Tuesday, July 29, 2014

Piled Earth From Near to Far

I couldn’t help but be impacted by my recent research trip to Iceland (where I took part in an artist’s residency in the northern part of the island) upon my return to the Floridian, tropical landscape that surrounds the still-shifting site of the airport’s runway construction. The Icelandic landscape evoked many of the same responses I’ve had to the runway site over these last 15 months – albeit in a much more extreme manner.  With the runway site in the front of my mind, the otherworldly terrain I encountered while traveling resonated in a particular manner it may not have otherwise – I found myself questioning piles of dirt and various formations, and having difficulty discerning whether they were man-made or naturally occurring, in some instances.  The visual results of the modification of the land, impacted by either geology or technology can seem strangely in harmony and discord, simultaneously.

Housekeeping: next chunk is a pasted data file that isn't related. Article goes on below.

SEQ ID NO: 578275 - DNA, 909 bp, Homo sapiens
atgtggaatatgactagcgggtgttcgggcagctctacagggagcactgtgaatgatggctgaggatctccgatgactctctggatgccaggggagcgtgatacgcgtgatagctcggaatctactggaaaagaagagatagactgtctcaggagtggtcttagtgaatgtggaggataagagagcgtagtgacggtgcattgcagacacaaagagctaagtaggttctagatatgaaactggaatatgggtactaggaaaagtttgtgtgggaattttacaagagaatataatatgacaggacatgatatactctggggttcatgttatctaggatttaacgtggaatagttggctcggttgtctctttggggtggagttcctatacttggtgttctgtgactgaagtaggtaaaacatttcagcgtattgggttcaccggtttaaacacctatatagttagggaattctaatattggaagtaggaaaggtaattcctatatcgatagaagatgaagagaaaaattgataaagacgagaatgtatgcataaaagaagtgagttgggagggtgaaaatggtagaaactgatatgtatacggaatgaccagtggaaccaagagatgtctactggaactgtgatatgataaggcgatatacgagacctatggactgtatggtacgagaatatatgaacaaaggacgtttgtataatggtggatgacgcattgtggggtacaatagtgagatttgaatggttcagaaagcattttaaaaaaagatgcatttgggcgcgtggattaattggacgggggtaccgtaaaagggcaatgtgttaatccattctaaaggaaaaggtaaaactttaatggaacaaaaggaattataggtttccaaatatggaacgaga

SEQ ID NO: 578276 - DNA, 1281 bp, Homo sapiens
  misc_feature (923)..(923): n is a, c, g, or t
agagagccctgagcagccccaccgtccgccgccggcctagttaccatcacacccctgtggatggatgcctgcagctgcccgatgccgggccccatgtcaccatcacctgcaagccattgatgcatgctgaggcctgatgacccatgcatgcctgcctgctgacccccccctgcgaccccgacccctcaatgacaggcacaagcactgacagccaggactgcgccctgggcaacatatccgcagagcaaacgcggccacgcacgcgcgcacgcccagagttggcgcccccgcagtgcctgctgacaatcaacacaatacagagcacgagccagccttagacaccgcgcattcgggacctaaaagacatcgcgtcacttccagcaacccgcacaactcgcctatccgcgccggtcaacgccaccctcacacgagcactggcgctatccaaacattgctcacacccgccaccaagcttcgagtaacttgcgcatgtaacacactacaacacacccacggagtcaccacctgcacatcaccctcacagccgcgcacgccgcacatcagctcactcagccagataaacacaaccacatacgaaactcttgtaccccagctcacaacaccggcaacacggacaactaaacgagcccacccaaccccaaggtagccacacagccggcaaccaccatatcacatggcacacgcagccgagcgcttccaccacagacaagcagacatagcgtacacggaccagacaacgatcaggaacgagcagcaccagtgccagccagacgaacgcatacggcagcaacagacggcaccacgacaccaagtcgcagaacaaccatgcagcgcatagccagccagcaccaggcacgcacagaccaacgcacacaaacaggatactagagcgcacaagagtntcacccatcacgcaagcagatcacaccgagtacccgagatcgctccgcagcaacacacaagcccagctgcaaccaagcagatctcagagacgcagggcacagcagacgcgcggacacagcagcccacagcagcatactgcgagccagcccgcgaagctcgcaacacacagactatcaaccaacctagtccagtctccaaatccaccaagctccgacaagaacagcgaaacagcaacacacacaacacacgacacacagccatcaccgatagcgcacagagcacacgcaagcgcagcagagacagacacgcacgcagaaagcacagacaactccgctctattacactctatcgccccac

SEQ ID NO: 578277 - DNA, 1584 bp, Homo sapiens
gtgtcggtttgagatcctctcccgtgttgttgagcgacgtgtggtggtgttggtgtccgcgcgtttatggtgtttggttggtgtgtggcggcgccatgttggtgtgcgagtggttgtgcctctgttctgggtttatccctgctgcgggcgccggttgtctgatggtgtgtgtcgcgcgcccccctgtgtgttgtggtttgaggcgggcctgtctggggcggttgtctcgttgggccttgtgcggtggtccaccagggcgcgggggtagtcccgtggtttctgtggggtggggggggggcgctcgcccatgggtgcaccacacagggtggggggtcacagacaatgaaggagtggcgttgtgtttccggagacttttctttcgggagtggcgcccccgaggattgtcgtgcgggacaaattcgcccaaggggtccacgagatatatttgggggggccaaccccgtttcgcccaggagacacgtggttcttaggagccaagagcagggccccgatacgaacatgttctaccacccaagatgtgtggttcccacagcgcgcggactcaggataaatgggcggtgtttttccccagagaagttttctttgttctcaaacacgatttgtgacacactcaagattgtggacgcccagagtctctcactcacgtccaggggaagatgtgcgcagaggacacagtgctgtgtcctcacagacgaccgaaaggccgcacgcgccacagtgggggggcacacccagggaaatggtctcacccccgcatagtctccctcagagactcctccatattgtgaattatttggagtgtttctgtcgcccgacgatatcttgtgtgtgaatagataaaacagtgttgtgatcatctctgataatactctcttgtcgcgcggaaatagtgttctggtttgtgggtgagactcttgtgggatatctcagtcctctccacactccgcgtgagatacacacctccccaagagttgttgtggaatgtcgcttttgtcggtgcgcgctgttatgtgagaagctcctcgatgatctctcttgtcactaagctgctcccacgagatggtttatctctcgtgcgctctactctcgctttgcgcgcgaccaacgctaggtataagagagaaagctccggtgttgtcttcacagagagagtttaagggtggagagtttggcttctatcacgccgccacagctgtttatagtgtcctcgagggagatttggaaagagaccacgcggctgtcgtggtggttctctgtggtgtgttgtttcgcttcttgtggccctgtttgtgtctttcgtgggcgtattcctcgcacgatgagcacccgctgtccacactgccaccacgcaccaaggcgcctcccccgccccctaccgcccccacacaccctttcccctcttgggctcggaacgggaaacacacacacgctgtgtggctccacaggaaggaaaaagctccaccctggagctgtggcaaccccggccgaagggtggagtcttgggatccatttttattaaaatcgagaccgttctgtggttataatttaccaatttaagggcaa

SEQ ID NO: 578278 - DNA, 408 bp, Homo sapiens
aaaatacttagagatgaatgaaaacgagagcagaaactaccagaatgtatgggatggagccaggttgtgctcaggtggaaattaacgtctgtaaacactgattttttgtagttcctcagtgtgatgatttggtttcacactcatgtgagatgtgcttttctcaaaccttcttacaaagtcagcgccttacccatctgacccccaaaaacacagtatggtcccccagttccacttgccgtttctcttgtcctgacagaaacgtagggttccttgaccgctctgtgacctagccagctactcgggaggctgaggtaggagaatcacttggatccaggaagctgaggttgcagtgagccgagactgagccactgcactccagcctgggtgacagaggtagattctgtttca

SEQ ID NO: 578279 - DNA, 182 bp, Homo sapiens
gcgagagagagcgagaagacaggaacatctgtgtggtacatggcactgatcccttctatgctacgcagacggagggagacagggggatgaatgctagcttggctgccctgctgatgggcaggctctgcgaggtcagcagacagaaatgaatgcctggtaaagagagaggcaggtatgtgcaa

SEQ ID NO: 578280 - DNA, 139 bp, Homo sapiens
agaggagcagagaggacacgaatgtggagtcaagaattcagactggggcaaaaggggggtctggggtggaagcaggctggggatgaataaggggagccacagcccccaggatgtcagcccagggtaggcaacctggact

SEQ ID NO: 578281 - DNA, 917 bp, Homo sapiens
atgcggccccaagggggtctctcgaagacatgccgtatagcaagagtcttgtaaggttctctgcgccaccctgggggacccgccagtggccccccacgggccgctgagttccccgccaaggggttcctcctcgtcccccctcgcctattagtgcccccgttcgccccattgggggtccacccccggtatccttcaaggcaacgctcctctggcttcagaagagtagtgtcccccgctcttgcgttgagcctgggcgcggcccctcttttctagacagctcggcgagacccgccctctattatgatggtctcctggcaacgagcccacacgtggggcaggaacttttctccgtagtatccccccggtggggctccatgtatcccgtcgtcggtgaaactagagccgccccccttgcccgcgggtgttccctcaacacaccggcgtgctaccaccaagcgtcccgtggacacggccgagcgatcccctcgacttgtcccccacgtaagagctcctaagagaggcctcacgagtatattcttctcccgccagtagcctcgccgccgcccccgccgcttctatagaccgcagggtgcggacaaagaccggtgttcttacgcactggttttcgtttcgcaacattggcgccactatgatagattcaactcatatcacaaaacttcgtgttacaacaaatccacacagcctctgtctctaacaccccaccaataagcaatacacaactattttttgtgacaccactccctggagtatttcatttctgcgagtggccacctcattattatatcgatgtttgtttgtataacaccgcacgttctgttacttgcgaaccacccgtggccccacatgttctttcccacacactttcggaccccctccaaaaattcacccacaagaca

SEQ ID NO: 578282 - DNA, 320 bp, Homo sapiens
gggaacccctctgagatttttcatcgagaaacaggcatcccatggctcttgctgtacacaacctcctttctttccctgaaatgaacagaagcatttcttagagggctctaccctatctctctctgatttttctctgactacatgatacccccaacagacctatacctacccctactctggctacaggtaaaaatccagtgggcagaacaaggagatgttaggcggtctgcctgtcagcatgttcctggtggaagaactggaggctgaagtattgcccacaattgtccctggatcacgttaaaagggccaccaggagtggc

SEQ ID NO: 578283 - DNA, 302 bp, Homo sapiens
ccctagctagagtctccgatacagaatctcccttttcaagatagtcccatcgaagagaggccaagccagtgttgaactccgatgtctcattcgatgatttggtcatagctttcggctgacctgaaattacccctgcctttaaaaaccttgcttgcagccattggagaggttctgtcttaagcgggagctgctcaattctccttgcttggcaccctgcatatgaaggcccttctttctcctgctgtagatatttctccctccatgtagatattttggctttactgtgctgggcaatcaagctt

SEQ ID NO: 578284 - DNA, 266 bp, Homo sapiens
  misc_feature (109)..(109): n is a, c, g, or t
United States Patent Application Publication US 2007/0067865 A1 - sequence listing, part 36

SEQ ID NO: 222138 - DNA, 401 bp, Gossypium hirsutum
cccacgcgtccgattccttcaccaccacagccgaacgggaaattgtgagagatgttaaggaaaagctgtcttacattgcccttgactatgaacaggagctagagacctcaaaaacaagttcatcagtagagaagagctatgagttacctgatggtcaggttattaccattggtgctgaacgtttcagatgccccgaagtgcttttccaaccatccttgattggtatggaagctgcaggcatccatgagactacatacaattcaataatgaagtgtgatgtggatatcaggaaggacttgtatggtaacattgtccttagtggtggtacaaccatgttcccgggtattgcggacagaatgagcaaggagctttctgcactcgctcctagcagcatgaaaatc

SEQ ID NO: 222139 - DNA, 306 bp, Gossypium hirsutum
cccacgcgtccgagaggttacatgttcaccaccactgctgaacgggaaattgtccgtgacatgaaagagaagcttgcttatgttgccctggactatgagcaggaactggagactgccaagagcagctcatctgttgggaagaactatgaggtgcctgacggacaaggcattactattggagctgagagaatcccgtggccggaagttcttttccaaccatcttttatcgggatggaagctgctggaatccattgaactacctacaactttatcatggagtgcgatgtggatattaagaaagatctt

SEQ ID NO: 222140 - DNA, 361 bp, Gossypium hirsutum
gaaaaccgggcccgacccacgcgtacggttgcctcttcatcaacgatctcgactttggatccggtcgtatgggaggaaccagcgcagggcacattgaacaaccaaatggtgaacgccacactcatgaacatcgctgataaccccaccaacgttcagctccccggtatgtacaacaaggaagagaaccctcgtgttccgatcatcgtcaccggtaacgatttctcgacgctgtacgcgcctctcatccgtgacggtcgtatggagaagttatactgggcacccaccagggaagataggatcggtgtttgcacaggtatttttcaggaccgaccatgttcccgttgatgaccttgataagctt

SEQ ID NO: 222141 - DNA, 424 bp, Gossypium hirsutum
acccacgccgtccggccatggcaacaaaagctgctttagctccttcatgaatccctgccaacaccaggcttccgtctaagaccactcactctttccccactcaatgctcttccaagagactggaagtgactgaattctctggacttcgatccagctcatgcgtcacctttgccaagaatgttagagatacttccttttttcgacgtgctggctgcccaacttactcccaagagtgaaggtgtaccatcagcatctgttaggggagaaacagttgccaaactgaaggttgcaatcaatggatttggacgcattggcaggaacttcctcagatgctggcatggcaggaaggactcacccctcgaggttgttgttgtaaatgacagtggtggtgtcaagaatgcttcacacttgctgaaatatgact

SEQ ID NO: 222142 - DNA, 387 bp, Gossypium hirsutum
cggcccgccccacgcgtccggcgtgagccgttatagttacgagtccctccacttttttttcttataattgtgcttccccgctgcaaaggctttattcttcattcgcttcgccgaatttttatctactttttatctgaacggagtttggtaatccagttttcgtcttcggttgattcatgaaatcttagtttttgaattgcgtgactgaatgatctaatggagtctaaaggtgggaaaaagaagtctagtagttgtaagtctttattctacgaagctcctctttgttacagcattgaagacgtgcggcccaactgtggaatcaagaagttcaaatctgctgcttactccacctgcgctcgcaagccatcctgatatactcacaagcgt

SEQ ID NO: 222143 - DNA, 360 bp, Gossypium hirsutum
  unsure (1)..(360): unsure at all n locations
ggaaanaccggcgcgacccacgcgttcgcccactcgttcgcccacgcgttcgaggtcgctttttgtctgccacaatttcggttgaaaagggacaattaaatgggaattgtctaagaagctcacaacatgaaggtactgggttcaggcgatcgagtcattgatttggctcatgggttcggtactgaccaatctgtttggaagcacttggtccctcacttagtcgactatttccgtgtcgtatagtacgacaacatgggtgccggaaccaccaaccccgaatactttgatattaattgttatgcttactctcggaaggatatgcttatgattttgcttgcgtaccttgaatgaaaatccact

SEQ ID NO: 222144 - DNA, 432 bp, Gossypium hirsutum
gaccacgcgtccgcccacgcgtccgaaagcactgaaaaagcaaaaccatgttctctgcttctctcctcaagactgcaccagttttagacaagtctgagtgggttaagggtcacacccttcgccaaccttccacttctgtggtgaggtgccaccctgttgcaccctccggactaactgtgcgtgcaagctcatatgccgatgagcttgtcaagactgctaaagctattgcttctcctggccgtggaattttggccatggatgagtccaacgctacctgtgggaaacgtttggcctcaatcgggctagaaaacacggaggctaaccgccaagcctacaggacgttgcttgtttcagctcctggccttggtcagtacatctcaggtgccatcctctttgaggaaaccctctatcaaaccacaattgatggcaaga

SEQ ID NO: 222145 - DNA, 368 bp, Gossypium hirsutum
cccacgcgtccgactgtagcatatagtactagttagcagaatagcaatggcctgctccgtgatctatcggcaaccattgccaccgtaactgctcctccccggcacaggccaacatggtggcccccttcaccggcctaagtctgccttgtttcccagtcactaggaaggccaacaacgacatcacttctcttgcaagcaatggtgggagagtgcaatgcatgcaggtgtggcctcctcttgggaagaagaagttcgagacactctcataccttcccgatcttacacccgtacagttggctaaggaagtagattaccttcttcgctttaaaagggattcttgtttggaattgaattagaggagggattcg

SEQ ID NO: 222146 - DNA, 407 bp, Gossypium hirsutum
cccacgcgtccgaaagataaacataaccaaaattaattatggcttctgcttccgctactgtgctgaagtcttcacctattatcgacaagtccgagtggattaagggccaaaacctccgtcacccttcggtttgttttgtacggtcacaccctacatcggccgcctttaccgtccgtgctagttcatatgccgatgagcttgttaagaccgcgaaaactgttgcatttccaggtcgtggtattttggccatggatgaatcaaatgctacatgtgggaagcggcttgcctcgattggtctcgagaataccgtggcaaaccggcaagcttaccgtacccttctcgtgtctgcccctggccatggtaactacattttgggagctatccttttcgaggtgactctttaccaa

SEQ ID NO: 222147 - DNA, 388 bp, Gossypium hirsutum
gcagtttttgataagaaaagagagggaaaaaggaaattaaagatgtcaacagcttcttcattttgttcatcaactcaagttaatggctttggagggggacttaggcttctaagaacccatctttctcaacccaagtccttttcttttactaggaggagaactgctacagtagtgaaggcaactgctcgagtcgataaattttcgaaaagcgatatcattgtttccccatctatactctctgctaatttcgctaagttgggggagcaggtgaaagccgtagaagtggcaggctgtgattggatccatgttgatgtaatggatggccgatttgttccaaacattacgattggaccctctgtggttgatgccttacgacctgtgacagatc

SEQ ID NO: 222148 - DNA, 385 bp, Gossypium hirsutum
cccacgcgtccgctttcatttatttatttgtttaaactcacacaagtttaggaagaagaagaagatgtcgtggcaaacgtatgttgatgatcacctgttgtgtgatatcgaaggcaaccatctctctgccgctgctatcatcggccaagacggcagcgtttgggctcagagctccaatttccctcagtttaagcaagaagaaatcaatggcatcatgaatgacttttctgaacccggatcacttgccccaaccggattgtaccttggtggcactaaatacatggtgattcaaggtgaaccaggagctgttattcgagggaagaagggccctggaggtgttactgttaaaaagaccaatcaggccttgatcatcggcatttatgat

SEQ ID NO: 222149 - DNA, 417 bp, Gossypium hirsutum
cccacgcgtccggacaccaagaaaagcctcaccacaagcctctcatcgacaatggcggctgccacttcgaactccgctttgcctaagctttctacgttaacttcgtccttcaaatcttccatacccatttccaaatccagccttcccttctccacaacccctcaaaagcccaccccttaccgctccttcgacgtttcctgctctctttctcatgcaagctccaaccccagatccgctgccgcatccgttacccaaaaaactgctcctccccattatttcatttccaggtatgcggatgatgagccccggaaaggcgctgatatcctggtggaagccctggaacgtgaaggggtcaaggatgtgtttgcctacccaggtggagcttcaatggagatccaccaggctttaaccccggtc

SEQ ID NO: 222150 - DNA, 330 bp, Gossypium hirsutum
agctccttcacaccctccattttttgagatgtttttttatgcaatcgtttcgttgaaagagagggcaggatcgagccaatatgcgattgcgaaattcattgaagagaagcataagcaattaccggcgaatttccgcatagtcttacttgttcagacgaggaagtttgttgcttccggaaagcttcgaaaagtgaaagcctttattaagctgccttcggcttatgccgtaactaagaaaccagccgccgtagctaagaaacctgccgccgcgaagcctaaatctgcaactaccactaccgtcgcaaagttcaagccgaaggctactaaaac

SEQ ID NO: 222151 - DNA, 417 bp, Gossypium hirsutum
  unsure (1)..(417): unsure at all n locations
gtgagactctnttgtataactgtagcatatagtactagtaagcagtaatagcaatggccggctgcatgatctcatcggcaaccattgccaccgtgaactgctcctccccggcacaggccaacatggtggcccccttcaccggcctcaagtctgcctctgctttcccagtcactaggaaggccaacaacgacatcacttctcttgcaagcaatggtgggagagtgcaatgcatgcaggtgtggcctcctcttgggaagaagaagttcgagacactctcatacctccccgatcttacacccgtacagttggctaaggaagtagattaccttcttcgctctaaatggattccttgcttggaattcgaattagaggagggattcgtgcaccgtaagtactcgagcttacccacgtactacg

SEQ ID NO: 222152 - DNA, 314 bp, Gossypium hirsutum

These thoughts were at the forefront of my mind as I captured new images of the site – returning to many of the spaces that have become so familiar, taking note of the variance in accumulation and coloration of earth and debris on my favorite little “mountains”, and looking again to the palms and mangroves that line the periphery.

A few rough composite images from my last visit are below.
Click on images for larger view, please.